3. Joshua D. Rothman, Flush Times and Fever Dreams: A Story of Capitalism and Slavery in the Age of Jackson (Athens: University of Georgia Press, 2012), 6–7; David J. Libby, Slavery and Frontier Mississippi, 1720–1835 (Jackson: University Press of Mississippi, 2004), 30–36; Scott Reynolds Nelson, A Nation of Deadbeats: An Uncommon History of America’s Financial Disasters (New York: Knopf, 2012), 115–118.
    4. Joseph Holt Ingraham, quoted in Rothman, Flush Times and Fever Dreams, 5.
    5. W. H. Sparks, Memories of Fifty Years (Philadelphia: Claxton, Remsen and Haffelfinger, 1870), 364.
    6. Beckert, Empire of Cotton, 102–103.
    7. For more cotton statistics, see Rothman, Flush Times and Fever Dreams, 3–5, 96–103; Johnson, River of Dark Dreams, 254–260; Beckert, Empire of Cotton, 102–104; Avery Plaw, “Slavery,” in Cynthia Clark, ed., The American Economy: A Historical Encyclopedia (Santa Barbara, CA: ABC-Clio, 2011), 108–109, 787–798; William J. Phalen, The Consequences of Cotton in Antebellum America (Jefferson, NC: McFarland, 2014), 110–114; and Gene Dattel, Cotton and Race in the Making of America: The Human Costs of Economic Power (Lanham, MD: Rowman and Littlefield, 2009), 370–371.
    8. For a valuable and approachable rundown of American slavery statistics, see Jenny Bourne, “Slavery in the United States,” https://eh.net/encyclopedia/slavery-in-the-united-states/, accessed May 7, 2018. For statistics earlier than 1790, see Edmund S. Morgan, American Slavery, American Freedom: The Ordeal of Colonial Virginia (New York: Norton, 1975), appendix; and Peter Kolchin, American Slavery: 1619–1877 (New York: Hill and Wang, 1993), 252–257. All slavery statistics hereafter refer to Bourne’s “Slavery in the United States” unless otherwise noted.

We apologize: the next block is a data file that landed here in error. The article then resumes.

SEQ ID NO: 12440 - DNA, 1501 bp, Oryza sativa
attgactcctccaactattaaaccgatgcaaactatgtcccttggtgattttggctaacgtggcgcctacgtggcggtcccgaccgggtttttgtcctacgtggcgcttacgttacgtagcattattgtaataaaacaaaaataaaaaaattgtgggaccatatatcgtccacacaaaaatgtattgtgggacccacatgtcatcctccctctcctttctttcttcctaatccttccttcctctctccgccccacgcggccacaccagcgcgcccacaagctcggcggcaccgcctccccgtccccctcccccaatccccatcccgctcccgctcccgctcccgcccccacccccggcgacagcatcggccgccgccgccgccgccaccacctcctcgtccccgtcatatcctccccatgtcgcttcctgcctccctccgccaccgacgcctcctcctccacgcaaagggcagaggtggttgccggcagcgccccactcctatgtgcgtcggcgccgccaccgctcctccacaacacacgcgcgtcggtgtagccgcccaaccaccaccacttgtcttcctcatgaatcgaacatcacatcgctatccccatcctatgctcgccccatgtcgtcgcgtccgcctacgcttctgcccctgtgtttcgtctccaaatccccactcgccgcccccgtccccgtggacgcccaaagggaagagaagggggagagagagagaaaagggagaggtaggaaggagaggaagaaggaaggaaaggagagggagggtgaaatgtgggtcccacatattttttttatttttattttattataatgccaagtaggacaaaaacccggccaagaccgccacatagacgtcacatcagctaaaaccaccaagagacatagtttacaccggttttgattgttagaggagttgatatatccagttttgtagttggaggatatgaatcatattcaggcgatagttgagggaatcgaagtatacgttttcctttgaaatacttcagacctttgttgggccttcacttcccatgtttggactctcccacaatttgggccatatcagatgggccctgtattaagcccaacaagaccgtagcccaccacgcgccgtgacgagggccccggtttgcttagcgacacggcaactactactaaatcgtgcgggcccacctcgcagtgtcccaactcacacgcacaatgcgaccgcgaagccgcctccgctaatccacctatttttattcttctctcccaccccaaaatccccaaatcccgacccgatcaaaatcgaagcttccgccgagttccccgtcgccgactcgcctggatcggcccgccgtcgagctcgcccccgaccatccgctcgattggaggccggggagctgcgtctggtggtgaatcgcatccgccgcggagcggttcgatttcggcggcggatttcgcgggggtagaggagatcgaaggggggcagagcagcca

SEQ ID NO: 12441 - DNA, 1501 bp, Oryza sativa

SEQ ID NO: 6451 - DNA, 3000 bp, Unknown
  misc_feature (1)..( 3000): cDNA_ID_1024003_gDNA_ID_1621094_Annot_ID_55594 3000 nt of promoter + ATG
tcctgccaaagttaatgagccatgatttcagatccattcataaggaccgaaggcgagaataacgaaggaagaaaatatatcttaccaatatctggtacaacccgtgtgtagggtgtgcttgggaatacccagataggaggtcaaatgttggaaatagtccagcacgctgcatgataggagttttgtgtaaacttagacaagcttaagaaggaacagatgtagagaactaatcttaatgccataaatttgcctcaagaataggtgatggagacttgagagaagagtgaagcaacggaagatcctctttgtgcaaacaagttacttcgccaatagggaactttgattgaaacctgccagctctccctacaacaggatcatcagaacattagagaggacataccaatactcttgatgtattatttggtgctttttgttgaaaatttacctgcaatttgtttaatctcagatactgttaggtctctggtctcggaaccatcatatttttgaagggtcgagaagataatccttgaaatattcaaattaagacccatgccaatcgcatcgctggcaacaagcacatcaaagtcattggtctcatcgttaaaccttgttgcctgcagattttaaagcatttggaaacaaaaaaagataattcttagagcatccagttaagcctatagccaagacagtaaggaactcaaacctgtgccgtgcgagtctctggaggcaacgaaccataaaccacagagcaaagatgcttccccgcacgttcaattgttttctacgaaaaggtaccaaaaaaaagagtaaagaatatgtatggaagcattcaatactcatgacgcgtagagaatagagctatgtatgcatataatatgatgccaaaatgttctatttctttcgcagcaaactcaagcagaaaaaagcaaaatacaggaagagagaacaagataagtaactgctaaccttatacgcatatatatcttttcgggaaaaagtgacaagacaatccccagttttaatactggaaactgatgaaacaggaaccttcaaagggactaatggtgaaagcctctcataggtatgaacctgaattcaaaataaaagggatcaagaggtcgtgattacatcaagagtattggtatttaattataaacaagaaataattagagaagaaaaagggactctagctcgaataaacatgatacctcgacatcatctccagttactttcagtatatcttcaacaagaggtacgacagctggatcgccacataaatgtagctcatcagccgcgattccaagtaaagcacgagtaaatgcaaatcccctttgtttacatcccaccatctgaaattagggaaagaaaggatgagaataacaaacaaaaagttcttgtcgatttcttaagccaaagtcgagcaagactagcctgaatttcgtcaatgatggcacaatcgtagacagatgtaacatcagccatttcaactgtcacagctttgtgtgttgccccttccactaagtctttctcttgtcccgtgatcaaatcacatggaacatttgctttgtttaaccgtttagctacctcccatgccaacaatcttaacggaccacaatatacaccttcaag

9. On antebellum land prices, especially in the Cotton Belt, see Phalen, Consequences of Cotton, 157–160; Otto, The Southern Frontiers, 86–99; Beth English, A Common Thread: Labor, Politics, and Capital Mobility in the Textile Industry (Athens: University of Georgia Press, 2006), 40–44; and Harold D. Woodman, King Cotton and His Retainers: Financing and Marketing the Cotton Crop of the South, 1800–1925 (Columbia: University of South Carolina Press, 1990), chap. 11.
    10. See Brenda E. Stevenson, Life in Black and White: Family and Community in the Slave South (New York: Oxford University Press, 1996), 171–181
    11. See Walter Johnson, Soul by Soul: Life Inside the Antebellum Slave Market (Cambridge, MA: Harvard University Press, 1999), 140–141; and John Brown, Slave Life in Georgia: A Narrative of the Life, Sufferings, and Escapes of John Brown, a Fugitive Now in England (London: Chamerovzow, 1855), 16–17.
    12. James L. Huston, “The Pregnant Economies of the Border South, 1840-1860: Virginia, Kentucky, Tennessee, and the Possibilities of Slave-Labor Expansion,” in L. Diane Barnes, Brian Schoen, and Frank Towers, eds., The Old South’s Modern Worlds: Slavery, Region, and Nation in the Age of Progress (New York: Oxford University Press, 2011), 132-134.
    13. See Joseph Holt Ingraham, The Southwest, by a Yankee (New York: Harper, 1835), Vol. 2, 91, quoted in Woodman, King Cotton and His Retainers, 135. A similar quote, recorded in 1854 and attributed to Edward Russell, appears in Johnson, River of Dark Dreams, 12.
    14. James Stirling, Letters from the Slaves States (London: Parker, 1857), 179–180.
    15. Thomas Jefferson, Notes on the State of Virginia, ed. Frank Shuffelton (New York: Penguin, 1999), 145.
    16. See “Excessive Slave Population: The Remedy,” De Bow’s Review 12, no. 2 (February 1852): 184–185, also quoted in Johnson, River of Dark Dreams, 13.
    17. See Anonymous, “Cotton and Its Prospects,” American Cotton Planter 1, no. 8 (August 1853): 226, also quoted in Johnson, River of Dark Dreams, 246.
    18. See Thomas Prentice Kettel, Southern Wealth and Northern Profits, as Exhibited in Statistical Facts and Official Figures (New York: Wood, 1860), 23.
    19. Johnson, River of Dark Dreams, 247, 244.
    20. On the populations of southern cities, see Richard C. Wade, Slavery in the Cities: The South, 1820–1860 (New York: Oxford University Press, 1964), 325–327. The top three southern cities, in terms of population in 1820, were Baltimore (62,738), New Orleans (27,176), and Charleston (24,780)
    21. See Wade, Slavery in the Cities, 326.
    22. For American import-export statistics, see Spencer C. Tucker, ed., The Encyclopedia of the Wars of the Early American Republic, 1783–1812 (Santa Barbara, CA: ABC–Clio, 2014), 670-671; and, among others, J. Bradford De Long, “Trade Policy and America’s Standard of Living: A Historical Perspective,” in Susan M. Collins, ed., Exports, Imports, and the American Worker (Washington, DC: Brookings Institution, 1998), 354–357.